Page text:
Many employees, while on leave, make this common disability leave mistake of ignoring the employer’s letters that request additional medical information or clarification of previously provided medical notes. This is not a good idea, and this can often give the employer a legitimate reason to terminate an employee who would otherwise have all the protections that are otherwise available to disabled employees.

For instance, suppose you provide your employer some type of medical notes that states that you are sick and you won’t be able to work for 30 days. Your employer is puzzled and they want to know why exactly you wouldn’t be able to work. While they might not be entitled to know your exact diagnosis, they are entitled to know  the limitations that affect your ability to work or prevent you from working. For instance, if you need some type of surgery, the employer is not entitled to know what the surgery is, but they are entitled to know that you, for instance, won’t be able to move or walk for a certain period of time.

cfra medical leave rightsCFRA medical leave is intended to give employees an opportunity to take leave from work for certain presonal or family medical reasons without jeopardizing their job security. Nelson v United Technologieis (1999). Generally, CFRA makes it illegal for an employer of fifty or more employees to refuse to grant a request by an emloyee to take up to 12 weeks off work in any twelve month period for family care and medical leave. The goal of CFRA is to both prevent the effects of employment discriination and also promote CFRA’s specific goal of promoting stability and economic security in California families.

Employers subject to the CFRA medical leave laws are required to provide notice to thier employees of the right to request CFRA leave. Cal. Code. Regs, tit. 2, §7297.9(a). At the same time an employee who wishes to exercise his right to leave under CFRA should compy with Cal. Code Regs, tit. 2 §7297.4(a)(1): “An employee shall provide a tleast verbal notice sufficient to make the employer aware that the employee needs CFRA-qualifying leave, and the anticipated timing and duration of the leave. The employee need not expressly assert rights under CFRA or FMLA, or even moention CFRA of FMLA, to meet notice requirement however, the employee must state th reason the leave is needed, such as for instance, the expected birth of a child or for medical treatment. The employer should inquire further of the employee if it is necessary to have more information about whether CFRA leave is being sought by the employee and obtain the necessary details of the leave to be taken by that employee.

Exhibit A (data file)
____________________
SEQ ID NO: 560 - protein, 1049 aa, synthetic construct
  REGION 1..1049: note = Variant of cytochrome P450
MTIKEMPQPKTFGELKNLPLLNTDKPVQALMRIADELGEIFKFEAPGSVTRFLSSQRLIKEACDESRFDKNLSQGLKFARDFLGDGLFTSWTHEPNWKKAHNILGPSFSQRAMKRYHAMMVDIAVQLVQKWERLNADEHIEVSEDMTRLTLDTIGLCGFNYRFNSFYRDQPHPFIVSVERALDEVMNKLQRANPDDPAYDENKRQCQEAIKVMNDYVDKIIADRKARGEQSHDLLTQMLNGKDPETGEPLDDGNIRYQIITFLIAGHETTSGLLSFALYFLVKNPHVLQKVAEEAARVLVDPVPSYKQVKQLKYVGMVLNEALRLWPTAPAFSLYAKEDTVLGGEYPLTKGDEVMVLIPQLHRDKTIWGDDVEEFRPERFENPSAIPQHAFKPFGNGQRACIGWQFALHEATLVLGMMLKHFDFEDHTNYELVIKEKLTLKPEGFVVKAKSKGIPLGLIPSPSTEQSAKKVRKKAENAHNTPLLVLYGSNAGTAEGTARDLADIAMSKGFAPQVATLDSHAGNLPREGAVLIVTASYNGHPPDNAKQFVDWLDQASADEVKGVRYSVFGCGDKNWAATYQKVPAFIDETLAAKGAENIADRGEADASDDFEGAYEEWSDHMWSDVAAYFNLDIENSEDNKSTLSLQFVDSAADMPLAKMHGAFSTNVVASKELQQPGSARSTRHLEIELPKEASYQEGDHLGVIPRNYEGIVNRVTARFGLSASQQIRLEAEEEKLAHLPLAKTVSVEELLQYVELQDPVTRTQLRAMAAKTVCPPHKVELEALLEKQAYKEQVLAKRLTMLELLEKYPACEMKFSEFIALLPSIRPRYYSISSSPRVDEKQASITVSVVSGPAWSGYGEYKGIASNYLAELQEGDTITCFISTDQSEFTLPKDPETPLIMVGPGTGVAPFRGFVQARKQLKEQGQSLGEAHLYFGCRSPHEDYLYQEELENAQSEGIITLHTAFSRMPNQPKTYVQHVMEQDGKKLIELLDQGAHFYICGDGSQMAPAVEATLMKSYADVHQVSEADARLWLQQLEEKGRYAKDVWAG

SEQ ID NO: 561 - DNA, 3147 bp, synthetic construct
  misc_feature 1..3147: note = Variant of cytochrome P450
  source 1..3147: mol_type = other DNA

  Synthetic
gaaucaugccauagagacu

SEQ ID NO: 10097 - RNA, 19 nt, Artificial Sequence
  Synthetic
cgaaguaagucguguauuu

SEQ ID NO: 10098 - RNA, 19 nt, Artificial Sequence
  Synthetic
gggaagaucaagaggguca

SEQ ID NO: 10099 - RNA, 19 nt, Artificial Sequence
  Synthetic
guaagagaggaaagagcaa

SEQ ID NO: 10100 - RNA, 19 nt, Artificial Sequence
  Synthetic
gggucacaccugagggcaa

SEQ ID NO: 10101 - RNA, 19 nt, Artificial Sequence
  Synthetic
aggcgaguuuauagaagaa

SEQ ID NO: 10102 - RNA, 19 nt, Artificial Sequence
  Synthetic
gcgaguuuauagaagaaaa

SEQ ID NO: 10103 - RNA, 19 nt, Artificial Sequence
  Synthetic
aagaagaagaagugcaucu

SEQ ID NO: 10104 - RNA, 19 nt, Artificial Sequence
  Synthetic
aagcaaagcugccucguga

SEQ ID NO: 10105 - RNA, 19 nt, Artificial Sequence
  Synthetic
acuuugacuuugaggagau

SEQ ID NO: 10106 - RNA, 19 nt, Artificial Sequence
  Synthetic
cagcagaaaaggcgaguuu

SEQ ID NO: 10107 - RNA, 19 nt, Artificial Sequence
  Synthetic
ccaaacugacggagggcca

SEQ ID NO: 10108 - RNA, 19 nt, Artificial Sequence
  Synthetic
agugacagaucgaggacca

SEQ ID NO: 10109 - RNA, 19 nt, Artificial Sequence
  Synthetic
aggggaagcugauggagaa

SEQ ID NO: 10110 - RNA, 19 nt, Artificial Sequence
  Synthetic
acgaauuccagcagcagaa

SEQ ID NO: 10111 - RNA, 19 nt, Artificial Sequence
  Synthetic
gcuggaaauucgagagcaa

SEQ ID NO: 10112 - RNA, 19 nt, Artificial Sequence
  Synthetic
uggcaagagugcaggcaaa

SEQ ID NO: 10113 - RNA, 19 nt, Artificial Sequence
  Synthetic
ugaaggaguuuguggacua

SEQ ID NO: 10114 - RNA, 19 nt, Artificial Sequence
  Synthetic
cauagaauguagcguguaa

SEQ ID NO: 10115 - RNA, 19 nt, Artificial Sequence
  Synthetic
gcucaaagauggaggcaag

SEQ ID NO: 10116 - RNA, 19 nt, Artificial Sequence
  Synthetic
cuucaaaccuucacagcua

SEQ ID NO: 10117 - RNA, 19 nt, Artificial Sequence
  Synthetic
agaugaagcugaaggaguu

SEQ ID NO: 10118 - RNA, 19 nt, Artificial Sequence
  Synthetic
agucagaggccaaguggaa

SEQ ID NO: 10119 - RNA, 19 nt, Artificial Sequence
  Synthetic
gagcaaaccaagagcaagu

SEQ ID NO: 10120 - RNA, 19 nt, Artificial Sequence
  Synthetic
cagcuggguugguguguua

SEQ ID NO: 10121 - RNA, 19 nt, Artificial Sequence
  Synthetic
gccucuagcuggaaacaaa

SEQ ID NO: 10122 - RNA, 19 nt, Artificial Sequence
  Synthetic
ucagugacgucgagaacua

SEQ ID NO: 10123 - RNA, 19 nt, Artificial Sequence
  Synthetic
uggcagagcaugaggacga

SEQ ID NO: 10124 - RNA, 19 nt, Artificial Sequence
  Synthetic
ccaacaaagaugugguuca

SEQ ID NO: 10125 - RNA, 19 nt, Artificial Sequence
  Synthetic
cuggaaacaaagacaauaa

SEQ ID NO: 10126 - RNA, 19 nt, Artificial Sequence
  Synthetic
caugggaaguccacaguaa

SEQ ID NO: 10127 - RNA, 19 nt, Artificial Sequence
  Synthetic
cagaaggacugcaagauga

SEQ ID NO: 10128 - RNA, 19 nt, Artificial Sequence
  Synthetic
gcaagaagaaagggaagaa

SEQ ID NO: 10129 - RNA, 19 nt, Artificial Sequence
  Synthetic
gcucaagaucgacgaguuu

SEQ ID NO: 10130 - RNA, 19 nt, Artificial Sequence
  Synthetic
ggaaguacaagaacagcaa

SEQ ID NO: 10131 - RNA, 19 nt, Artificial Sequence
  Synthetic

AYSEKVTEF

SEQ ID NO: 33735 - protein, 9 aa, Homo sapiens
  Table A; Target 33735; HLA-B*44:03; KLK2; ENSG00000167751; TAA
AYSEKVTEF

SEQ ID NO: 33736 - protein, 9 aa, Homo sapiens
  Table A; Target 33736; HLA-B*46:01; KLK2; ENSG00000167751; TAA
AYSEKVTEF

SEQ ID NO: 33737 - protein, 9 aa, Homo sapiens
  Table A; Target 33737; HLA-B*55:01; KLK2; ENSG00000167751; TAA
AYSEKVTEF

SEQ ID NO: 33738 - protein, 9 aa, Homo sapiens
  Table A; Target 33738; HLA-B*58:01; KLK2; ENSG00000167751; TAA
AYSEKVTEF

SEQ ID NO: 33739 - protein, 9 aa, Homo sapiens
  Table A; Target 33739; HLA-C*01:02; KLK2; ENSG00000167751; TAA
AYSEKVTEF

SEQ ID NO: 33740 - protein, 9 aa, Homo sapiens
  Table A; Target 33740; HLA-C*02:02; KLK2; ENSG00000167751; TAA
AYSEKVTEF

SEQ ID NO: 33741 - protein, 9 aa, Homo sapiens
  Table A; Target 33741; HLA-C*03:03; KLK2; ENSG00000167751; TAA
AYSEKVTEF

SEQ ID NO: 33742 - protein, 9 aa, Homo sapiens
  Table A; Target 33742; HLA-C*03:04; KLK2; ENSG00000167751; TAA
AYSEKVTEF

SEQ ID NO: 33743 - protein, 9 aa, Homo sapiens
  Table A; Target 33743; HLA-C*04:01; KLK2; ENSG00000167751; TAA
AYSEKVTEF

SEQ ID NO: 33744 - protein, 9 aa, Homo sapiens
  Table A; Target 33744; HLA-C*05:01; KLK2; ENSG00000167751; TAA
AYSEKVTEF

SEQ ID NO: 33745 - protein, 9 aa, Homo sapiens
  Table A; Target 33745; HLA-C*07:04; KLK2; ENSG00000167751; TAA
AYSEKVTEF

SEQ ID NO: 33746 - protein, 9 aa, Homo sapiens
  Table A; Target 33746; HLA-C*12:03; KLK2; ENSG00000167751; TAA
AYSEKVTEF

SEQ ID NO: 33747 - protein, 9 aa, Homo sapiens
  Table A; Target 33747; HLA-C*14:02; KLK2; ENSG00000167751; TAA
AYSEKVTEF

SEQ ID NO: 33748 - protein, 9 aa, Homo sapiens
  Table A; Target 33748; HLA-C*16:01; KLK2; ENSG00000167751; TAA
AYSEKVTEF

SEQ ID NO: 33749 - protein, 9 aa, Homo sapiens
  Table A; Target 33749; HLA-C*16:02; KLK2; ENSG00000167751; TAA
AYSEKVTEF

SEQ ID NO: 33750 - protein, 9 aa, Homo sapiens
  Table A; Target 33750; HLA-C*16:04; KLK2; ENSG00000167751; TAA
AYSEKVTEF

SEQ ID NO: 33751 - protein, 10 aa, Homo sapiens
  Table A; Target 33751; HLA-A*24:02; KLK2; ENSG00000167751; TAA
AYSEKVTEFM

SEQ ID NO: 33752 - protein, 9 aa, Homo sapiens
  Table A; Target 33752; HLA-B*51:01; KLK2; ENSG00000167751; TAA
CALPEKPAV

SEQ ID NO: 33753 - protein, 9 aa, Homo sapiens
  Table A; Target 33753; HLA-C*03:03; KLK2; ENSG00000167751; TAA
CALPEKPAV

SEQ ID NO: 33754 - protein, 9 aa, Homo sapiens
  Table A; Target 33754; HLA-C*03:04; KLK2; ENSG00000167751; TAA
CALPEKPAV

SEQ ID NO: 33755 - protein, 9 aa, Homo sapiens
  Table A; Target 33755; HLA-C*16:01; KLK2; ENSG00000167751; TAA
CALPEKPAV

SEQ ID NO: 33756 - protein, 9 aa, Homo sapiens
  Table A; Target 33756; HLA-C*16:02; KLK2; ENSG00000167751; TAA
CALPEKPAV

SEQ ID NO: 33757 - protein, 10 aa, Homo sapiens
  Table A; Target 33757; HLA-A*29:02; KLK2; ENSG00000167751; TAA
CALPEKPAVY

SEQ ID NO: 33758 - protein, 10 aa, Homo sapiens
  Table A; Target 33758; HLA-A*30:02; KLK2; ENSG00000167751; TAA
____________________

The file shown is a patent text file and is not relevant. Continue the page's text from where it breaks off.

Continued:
For example, in Mora v Chem-Tronics, Inc. (1998), the court held that when an employee stated to his employer that his son was HIV positive and had a very high fever and that the father could not leave his son when he was so ill, it was sufficient notice of the son’s serious medical condition as a matter of law for the purposes of obtaining CFRA leave.